It would be a fascinating survey: What percentage of employees on a given team experience…teamwork? (How would members of your team respond?)
Webster defines a team as: “A number of persons associated together in work or activity.” (Source: http://www.merriam-webster.com/dictionary/team.) Given this definition, organizations everywhere can celebrate successful teamwork. (“Hey, we’re associated on this project together. We’re a team!”)
However, why is it that some groups of people kick butt on their objectives – while other such associations struggle? For the sake of greater productivity (and sanity), here’s our evolution of Webster’s definition of team:
1) A team is not a work group assembled in the same room. A team has an identity that generates both a bond and a will – necessary to overcome the obstacles standing between the team and success.
2) The mere fact that we all report to the same boss does not mean we are a team. A team works for the same cause (not a person).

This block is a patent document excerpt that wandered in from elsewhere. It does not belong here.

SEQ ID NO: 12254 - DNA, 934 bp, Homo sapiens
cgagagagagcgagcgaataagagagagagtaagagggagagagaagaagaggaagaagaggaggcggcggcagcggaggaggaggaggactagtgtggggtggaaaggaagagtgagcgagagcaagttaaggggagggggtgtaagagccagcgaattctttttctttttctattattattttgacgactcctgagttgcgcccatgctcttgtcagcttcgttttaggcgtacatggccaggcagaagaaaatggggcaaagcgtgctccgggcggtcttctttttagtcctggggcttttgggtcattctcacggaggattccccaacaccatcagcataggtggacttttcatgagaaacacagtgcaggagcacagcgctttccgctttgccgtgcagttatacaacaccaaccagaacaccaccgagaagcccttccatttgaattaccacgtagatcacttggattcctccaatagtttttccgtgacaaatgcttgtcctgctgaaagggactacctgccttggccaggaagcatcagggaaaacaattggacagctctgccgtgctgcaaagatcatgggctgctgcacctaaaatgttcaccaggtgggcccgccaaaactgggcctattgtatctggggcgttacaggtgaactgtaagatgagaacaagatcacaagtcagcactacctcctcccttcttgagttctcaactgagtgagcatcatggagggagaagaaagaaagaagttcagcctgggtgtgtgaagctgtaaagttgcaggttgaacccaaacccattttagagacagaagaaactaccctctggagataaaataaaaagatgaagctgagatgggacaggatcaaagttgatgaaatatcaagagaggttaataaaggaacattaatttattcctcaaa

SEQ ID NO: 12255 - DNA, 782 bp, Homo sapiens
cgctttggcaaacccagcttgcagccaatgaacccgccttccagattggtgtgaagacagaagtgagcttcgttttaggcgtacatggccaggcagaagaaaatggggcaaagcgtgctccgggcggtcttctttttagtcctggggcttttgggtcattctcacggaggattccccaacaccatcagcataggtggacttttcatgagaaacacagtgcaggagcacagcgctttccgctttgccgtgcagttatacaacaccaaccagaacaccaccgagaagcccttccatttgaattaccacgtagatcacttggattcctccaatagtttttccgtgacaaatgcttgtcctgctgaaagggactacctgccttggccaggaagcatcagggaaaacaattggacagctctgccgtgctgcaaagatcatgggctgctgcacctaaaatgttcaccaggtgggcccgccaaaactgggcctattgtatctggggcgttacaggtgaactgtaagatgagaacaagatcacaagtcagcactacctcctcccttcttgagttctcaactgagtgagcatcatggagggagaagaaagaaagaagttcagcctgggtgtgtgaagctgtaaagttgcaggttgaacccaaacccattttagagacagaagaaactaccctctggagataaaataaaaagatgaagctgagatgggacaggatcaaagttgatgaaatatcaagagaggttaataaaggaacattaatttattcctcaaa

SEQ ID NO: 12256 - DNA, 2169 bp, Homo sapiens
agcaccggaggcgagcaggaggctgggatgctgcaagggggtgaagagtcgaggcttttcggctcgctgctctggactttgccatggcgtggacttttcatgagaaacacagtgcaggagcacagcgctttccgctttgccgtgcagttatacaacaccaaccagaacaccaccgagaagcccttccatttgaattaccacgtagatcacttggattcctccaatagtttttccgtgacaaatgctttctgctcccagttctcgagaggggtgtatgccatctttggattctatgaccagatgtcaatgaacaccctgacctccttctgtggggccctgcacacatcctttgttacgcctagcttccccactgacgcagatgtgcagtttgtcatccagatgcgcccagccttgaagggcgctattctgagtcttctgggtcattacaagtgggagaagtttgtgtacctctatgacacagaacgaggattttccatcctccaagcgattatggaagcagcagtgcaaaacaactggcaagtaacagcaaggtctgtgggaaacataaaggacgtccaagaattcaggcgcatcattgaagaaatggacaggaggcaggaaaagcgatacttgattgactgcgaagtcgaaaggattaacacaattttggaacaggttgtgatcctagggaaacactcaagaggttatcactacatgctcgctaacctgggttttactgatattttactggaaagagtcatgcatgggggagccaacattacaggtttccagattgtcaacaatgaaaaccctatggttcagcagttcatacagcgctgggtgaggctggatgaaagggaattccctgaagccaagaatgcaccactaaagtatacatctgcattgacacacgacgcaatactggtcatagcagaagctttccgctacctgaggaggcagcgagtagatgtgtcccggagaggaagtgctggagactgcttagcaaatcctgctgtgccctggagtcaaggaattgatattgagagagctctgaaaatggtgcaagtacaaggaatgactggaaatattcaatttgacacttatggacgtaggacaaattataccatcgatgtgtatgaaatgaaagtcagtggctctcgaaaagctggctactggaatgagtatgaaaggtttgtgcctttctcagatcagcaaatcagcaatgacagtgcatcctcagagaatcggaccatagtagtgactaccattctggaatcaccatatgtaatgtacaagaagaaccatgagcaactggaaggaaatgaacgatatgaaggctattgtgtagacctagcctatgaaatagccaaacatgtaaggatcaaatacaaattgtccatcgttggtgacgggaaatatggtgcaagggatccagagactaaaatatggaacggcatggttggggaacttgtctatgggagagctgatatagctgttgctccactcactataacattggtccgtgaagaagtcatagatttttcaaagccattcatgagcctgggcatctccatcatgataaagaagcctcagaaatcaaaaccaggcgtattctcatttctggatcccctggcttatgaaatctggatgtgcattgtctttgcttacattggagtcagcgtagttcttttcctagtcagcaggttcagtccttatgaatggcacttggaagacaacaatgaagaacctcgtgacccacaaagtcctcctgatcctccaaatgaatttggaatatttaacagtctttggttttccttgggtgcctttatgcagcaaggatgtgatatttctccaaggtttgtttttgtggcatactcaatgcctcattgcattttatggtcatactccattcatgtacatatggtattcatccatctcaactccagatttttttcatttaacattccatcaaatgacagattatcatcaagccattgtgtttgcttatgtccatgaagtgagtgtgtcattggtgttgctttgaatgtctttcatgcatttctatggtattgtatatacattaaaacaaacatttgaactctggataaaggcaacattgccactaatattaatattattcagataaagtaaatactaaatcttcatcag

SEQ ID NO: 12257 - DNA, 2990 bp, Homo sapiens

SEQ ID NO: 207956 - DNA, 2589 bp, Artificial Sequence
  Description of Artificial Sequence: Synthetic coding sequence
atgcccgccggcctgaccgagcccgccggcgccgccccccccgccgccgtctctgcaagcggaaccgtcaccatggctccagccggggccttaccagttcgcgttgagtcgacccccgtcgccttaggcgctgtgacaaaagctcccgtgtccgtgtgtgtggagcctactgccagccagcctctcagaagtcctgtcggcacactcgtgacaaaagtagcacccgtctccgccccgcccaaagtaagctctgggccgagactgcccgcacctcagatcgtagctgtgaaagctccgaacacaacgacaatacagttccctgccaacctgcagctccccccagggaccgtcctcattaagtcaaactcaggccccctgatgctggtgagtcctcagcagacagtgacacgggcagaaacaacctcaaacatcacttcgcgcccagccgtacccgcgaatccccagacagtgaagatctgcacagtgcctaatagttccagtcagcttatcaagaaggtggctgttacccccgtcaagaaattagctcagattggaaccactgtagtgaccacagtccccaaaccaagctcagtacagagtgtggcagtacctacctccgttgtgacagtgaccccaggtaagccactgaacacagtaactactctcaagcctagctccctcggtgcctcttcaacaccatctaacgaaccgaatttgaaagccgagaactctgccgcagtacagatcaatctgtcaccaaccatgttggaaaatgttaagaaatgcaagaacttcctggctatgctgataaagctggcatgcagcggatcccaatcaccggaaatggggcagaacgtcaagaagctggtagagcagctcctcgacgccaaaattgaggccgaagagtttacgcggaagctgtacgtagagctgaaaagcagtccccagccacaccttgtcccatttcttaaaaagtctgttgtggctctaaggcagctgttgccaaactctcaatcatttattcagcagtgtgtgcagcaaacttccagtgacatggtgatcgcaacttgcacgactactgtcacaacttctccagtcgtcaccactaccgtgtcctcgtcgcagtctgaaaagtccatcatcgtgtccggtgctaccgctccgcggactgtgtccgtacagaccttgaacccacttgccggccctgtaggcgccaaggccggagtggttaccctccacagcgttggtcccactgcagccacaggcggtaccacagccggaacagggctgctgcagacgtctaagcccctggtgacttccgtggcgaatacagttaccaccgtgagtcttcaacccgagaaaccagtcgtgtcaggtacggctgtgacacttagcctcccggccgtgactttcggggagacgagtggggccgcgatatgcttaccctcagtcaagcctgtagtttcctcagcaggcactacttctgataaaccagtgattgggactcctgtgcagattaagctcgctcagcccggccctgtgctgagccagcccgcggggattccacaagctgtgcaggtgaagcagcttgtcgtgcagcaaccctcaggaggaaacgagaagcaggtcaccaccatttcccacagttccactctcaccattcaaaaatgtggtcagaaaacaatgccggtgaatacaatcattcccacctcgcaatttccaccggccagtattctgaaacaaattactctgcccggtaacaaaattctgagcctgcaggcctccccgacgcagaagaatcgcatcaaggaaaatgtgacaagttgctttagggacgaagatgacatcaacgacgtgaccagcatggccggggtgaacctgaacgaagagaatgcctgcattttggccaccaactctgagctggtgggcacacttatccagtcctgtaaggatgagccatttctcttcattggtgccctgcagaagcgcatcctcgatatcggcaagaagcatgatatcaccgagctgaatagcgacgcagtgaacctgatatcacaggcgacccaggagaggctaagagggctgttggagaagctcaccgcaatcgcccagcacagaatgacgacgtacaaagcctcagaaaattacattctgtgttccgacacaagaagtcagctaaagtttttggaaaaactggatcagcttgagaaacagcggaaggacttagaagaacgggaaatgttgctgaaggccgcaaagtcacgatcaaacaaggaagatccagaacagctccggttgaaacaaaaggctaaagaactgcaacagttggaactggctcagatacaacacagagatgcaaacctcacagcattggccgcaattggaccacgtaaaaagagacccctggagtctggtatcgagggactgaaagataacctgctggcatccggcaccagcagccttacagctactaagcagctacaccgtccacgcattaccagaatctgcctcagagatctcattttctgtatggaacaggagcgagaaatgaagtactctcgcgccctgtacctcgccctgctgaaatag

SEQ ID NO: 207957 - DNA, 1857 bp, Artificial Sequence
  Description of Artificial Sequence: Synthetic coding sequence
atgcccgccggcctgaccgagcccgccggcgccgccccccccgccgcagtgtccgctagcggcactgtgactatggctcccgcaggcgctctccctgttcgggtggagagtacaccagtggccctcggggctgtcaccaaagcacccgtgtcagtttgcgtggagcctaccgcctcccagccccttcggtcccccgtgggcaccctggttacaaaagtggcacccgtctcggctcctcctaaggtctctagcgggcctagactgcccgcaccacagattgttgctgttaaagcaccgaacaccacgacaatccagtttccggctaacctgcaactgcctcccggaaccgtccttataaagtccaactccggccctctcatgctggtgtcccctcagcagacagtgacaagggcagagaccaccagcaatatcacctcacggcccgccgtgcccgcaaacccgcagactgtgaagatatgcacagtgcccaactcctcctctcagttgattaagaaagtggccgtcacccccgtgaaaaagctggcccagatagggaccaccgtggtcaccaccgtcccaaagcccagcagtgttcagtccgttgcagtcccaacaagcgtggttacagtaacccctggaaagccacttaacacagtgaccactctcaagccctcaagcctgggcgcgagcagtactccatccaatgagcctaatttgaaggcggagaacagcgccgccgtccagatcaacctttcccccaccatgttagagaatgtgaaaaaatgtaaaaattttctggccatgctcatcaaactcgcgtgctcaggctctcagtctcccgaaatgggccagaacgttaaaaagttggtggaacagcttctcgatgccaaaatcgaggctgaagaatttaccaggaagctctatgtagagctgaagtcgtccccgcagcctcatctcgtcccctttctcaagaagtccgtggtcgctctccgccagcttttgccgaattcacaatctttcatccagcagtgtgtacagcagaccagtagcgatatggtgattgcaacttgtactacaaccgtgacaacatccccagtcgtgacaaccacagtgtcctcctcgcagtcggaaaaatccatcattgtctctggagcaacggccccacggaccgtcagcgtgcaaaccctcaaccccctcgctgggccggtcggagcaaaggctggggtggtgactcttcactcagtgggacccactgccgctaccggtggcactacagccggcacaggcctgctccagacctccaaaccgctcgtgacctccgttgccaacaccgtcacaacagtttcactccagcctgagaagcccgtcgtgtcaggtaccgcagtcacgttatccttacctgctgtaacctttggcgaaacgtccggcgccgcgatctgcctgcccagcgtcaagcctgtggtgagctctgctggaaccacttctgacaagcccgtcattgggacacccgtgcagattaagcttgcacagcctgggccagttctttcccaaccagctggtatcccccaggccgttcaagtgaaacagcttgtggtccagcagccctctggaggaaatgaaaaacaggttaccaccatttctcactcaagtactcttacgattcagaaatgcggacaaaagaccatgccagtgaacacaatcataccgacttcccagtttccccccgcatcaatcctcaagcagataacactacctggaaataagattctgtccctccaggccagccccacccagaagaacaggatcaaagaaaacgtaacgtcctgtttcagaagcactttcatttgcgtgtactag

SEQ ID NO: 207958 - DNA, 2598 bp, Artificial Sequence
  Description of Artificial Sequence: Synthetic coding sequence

3) A collection of individuals representing functional responsibilities is not a team. We become a team when our priority is the success of the enterprise.
4) When the incentives to compete against each other are greater than the incentives to fight for each other, we are not a team.
5) When getting ourselves in the spotlight requires diminishing the contributions of others, we are not a team. We become a greater team when we celebrate the contributions of others.
The illusion of team creates faux partnerships and leaves organizations susceptible to the mildest ailments and afflictions of normal business. This week help your team get real. Ask them: How do we define “team”?
Are there additional points you’d add to the five above? Make sure you share them with us.
Great post. Very insightful and provocative. I think there is another point which is:
If there is no conflict among us, we are a team. A team has to have some room for productive conflict, otherwise things don’t move forward and we fail to break the paradigms that limit the project. It is unreal and naive that all people can agree on the same things, but when productive conflict is part of the team dynamic, the solutions that arise from the discussion are usually better.
But again, great post. I love number 2. =)